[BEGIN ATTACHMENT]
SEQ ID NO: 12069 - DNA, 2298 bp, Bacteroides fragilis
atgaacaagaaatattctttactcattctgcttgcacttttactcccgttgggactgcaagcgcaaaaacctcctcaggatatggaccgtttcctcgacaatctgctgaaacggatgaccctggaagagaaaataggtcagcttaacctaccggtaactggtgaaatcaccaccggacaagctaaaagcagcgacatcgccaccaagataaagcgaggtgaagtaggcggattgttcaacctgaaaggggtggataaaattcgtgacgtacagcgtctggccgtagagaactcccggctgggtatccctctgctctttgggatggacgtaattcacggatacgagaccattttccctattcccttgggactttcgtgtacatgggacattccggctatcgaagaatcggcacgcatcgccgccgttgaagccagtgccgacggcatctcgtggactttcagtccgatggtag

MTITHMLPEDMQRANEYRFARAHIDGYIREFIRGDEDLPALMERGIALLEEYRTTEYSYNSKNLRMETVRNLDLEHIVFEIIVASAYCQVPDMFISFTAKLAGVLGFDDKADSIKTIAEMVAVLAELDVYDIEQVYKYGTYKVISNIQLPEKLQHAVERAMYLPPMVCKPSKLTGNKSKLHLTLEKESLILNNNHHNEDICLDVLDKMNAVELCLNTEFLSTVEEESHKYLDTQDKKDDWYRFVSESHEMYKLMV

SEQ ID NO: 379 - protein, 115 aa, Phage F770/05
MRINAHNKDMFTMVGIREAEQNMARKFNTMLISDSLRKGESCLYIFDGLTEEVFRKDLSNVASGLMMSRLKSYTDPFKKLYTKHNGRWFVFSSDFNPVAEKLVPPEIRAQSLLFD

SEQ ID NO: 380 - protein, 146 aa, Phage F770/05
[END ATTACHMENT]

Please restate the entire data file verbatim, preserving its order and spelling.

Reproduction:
SEQ ID NO: 12069 - DNA, 2298 bp, Bacteroides fragilis
atgaacaagaaatattctttactcattctgcttgcacttttactcccgttgggactgcaagcgcaaaaacctcctcaggatatggaccgtttcctcgacaatctgctgaaacggatgaccctggaagagaaaataggtcagcttaacctaccggtaactggtgaaatcaccaccggacaagctaaaagcagcgacatcgccaccaagataaagcgaggtgaagtaggcggattgttcaacctgaaaggggtggataaaattcgtgacgtacagcgtctggccgtagagaactcccggctgggtatccctctgctctttgggatggacgtaattcacggatacgagaccattttccctattcccttgggactttcgtgtacatgggacattccggctatcgaagaatcggcacgcatcgccgccgttgaagccagtgccgacggcatctcgtggactttcagtccgatggtag

MTITHMLPEDMQRANEYRFARAHIDGYIREFIRGDEDLPALMERGIALLEEYRTTEYSYNSKNLRMETVRNLDLEHIVFEIIVASAYCQVPDMFISFTAKLAGVLGFDDKADSIKTIAEMVAVLAELDVYDIEQVYKYGTYKVISNIQLPEKLQHAVERAMYLPPMVCKPSKLTGNKSKLHLTLEKESLILNNNHHNEDICLDVLDKMNAVELCLNTEFLSTVEEESHKYLDTQDKKDDWYRFVSESHEMYKLMV

SEQ ID NO: 379 - protein, 115 aa, Phage F770/05
MRINAHNKDMFTMVGIREAEQNMARKFNTMLISDSLRKGESCLYIFDGLTEEVFRKDLSNVASGLMMSRLKSYTDPFKKLYTKHNGRWFVFSSDFNPVAEKLVPPEIRAQSLLFD

SEQ ID NO: 380 - protein, 146 aa, Phage F770/05